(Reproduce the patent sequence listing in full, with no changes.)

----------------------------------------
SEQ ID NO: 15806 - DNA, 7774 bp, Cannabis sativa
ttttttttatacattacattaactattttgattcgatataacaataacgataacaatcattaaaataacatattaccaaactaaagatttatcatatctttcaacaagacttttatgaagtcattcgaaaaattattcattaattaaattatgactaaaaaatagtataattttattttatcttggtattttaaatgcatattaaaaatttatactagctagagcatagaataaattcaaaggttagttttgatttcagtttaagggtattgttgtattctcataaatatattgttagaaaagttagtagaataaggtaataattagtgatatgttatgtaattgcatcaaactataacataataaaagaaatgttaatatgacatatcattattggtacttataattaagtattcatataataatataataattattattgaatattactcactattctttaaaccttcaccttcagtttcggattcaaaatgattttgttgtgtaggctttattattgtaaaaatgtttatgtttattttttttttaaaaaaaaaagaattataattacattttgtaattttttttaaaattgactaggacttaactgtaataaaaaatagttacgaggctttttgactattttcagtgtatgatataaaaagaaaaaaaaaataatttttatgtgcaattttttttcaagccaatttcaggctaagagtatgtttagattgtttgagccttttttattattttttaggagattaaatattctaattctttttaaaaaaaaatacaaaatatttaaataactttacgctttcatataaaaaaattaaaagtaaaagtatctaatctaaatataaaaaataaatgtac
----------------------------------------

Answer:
SEQ ID NO: 15806 - DNA, 7774 bp, Cannabis sativa
ttttttttatacattacattaactattttgattcgatataacaataacgataacaatcattaaaataacatattaccaaactaaagatttatcatatctttcaacaagacttttatgaagtcattcgaaaaattattcattaattaaattatgactaaaaaatagtataattttattttatcttggtattttaaatgcatattaaaaatttatactagctagagcatagaataaattcaaaggttagttttgatttcagtttaagggtattgttgtattctcataaatatattgttagaaaagttagtagaataaggtaataattagtgatatgttatgtaattgcatcaaactataacataataaaagaaatgttaatatgacatatcattattggtacttataattaagtattcatataataatataataattattattgaatattactcactattctttaaaccttcaccttcagtttcggattcaaaatgattttgttgtgtaggctttattattgtaaaaatgtttatgtttattttttttttaaaaaaaaaagaattataattacattttgtaattttttttaaaattgactaggacttaactgtaataaaaaatagttacgaggctttttgactattttcagtgtatgatataaaaagaaaaaaaaaataatttttatgtgcaattttttttcaagccaatttcaggctaagagtatgtttagattgtttgagccttttttattattttttaggagattaaatattctaattctttttaaaaaaaaatacaaaatatttaaataactttacgctttcatataaaaaaattaaaagtaaaagtatctaatctaaatataaaaaataaatgtac